Meeting by Antony Hamilton and Alisdair Macindoe

Sharing the space with 64 custom designed (Macindoe) percussion machines, choreographer/director/performer Antony Hamilton and designer/performer Alisdair Macindoe are charming, displaying an articulate and humorous movement vocabulary that only occasionally gets overshadowed by their accompaniment. As the show continues it is not always clear if the soundscape is accompanying the dancers, or the other way around.

The performers begin moving encircled by 64 devices—each a small wooden box with a pencil attached, the metal bit on the eraser end tapping rhythmically on the marley stage floor—a device so simple yet effective that it often pulled focus. Indeed, before the show was over, Hamilton and Macindoe had already discreetly left the stage leaving us to enjoy a riveting percussion concert on our own.

Hamilton and Macindoe move with clockwork precision, the movement style I would describe as a soft popping, the overall vocabulary reminiscent of both contemporary and hip hop styles (including some beatboxing), without really being either. They push physical ideas to the extreme, the result often absurdly funny.

Before they exit the stage, Hamilton and Macindoe stop to watch the machines with us, we experience together the rhythmic grace of these tiny percussive instruments that seem to have taken on a life of their own. Much like a study of “object-oriented ontology” (a philosophical study of existence that considers things as equal importance to living creatures—and the relationship between the two). Meeting highlights the relationship between the dancers bodies and the percussion machines, eventually allowing the object and not the dancer to command the space.

Endings by Tamara Saulwick

Endings is a wrenching piece of theatre. Formed around personal interviews on the subject of illness, death and loss, the show revolves around intimate reflections on the universal yet taboo topic of death. Making use of fluorescent lighting, turntables and reel-to-reel players on stage, the set feels both futuristic and nostalgic. Tamara Saulwick (concept, text and performance) holds it all together with a compelling performance as she embodies the voices and experiences of the recorded interviews.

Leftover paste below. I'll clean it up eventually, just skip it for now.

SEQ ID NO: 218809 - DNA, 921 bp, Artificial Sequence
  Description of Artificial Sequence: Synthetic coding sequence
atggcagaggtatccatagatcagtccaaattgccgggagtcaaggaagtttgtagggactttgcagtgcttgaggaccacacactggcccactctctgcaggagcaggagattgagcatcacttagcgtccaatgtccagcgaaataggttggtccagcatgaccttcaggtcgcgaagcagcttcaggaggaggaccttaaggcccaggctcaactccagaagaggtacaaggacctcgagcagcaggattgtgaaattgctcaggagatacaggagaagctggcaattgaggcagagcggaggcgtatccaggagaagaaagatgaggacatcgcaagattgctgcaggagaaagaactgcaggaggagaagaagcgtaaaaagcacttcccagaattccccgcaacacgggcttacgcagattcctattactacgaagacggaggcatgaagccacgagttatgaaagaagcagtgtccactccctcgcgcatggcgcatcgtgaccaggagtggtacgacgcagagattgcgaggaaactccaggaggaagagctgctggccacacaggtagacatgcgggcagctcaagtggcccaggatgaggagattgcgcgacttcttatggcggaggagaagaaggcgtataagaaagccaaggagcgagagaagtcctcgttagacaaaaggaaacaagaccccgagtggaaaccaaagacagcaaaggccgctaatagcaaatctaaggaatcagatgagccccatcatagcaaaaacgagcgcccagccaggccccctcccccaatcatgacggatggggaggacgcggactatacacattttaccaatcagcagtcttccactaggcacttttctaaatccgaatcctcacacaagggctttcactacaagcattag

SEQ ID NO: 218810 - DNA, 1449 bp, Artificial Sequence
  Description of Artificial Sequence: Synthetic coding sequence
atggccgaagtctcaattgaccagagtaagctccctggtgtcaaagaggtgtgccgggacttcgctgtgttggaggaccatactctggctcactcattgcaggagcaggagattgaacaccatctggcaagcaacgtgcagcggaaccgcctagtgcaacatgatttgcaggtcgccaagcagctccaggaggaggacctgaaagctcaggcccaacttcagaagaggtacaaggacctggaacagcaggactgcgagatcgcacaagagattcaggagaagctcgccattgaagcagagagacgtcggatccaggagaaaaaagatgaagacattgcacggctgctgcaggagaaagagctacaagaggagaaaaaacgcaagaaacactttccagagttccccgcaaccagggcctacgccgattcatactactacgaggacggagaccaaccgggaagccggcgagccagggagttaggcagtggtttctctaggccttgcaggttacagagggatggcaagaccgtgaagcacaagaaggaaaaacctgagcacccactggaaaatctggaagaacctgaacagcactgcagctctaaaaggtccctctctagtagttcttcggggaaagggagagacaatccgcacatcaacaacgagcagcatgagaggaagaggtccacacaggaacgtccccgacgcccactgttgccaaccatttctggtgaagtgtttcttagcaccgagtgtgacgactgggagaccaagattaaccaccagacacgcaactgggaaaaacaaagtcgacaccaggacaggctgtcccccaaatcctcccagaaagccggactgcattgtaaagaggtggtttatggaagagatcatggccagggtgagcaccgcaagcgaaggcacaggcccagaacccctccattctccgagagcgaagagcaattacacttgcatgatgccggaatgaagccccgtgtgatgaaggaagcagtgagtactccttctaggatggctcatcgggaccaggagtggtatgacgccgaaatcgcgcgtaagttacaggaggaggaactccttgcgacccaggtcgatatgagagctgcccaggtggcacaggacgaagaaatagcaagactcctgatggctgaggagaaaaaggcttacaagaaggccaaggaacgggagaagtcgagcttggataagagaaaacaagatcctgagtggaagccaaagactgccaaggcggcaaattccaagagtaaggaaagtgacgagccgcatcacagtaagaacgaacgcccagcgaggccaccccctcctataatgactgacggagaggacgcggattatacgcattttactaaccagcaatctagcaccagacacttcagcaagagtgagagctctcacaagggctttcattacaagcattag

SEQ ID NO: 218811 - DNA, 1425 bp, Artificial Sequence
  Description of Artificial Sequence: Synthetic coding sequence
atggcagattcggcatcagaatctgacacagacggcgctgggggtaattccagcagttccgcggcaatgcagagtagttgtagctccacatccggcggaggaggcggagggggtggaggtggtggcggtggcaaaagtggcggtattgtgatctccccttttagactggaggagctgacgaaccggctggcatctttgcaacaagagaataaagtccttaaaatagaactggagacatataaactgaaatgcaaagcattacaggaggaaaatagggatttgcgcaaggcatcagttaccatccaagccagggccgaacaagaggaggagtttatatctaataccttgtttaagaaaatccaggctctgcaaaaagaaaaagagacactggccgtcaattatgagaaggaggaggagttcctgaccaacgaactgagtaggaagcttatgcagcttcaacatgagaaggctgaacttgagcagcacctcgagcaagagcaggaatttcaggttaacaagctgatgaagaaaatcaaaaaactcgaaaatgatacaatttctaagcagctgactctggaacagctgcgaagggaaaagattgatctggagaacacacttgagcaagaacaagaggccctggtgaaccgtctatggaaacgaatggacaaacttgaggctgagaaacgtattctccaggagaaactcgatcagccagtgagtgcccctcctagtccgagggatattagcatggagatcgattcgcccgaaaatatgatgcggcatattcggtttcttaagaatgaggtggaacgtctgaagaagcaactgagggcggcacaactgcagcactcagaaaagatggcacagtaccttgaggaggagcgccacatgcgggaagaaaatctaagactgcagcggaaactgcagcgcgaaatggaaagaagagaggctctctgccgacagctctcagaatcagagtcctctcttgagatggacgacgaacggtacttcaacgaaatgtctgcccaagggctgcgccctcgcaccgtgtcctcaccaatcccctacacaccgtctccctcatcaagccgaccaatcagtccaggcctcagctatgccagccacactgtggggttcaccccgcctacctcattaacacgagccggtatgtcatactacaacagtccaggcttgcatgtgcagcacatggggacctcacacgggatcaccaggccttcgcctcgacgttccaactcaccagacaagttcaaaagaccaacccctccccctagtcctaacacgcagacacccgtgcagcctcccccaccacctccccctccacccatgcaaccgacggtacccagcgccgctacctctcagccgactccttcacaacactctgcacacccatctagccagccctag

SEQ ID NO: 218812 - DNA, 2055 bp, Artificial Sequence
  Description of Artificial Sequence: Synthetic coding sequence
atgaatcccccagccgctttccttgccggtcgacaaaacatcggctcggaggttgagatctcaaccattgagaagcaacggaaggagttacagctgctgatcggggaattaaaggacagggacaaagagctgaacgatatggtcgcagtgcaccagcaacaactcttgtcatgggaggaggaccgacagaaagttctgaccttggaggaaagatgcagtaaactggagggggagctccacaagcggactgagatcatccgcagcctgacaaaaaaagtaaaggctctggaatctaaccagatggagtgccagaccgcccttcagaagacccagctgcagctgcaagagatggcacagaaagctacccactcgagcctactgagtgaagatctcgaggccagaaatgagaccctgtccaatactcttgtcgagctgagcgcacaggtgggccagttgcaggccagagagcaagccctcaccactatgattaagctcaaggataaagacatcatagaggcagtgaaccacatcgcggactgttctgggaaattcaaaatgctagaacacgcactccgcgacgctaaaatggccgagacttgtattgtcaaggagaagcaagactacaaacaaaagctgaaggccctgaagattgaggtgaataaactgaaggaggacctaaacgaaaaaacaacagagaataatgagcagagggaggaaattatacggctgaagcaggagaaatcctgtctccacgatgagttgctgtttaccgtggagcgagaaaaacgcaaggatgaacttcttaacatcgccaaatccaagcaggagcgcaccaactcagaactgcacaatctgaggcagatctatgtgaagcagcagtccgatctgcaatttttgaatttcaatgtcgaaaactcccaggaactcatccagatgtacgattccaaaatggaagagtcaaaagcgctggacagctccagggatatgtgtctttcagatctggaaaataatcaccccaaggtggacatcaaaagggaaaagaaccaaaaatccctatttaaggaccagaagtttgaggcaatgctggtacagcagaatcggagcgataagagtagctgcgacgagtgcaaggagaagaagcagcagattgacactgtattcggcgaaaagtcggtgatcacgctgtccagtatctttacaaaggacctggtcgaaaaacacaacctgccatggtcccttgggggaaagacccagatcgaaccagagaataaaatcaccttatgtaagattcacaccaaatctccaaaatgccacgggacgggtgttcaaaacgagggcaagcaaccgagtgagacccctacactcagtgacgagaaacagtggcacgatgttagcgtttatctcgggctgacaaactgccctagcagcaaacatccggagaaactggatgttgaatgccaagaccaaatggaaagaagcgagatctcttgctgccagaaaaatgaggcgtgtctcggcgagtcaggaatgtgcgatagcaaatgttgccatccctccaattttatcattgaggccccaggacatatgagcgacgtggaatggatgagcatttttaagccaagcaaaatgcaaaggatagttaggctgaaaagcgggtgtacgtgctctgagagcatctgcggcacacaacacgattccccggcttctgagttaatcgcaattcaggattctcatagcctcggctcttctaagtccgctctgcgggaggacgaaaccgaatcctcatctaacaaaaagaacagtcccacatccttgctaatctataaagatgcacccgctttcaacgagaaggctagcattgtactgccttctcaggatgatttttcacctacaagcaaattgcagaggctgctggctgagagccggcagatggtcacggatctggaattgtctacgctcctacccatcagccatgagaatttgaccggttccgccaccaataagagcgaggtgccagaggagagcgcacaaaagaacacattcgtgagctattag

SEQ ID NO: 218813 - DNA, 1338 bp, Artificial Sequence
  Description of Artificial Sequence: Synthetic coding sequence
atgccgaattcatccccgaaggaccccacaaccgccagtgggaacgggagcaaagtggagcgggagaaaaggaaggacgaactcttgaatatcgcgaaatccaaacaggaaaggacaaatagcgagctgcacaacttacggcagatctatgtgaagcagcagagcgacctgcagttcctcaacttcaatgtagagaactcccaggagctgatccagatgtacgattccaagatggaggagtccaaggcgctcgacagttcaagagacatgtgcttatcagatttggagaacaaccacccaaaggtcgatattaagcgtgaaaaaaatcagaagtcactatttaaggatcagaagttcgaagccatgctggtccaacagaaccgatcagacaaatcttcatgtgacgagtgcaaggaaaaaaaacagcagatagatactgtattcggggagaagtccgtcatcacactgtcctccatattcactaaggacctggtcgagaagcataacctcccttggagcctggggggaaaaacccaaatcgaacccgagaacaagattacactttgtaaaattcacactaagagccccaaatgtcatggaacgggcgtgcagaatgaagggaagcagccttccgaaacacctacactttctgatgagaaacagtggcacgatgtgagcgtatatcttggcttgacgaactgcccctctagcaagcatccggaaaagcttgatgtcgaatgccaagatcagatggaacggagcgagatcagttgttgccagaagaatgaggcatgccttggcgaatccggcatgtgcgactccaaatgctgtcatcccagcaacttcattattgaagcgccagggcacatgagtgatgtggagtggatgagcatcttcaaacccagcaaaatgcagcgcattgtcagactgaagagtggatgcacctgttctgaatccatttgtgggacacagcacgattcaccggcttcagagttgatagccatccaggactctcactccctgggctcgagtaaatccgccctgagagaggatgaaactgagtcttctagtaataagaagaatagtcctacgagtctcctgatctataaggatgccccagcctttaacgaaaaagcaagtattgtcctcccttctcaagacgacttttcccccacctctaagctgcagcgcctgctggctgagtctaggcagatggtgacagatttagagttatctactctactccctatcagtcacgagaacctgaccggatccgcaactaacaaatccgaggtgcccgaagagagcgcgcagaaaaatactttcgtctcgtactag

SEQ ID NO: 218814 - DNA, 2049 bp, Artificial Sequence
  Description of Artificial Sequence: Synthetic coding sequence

The first half of the show feels to me like a warm-up for the latter portion. The soundscape reminiscent of an old-time radio broadcast while the stage dressing suggests futuristic space station (Peter Knight and Ben Cobham). The recounting of personal histories can be heard in fragments and this builds a sense of mortality and uncertainty.

The show culminates with a seance scene, the use of mid-century sound equipment in the background harking back to the technology and tricks used in Victorian era seances to dupe the hopeful loved ones of the recently deceased. This scene transitions as Saulwick depicts a demonic presence that was as entrancing as it was terrifying to experience. My first read on this scene found it a bit tongue-in-cheek (related to the seance and the idea of being careful what you wish for), but with more reflection I think the inner demons that one wrestles with while moving through deep grief were well represented.

The demon scene ended with the use of a strobe light and a loud vibration that shook the theatre, it was uncomfortable to experience but cathartic to be released from.

This work is an ethnographic study about the experience of understanding grief and death, full of the stories about loss and transcendence that we don’t normally talk about. I was deeply touched by the candidness of the personal stories being shared, how it is that we seek to understand the experience of “the sense of life leaving…” the bodies of our loved ones.

The Canadian Stage Spotlight Festival is a biennial event, this year shining a light on prolific Australian artists. The festival runs from March 29 to May 7, 2017.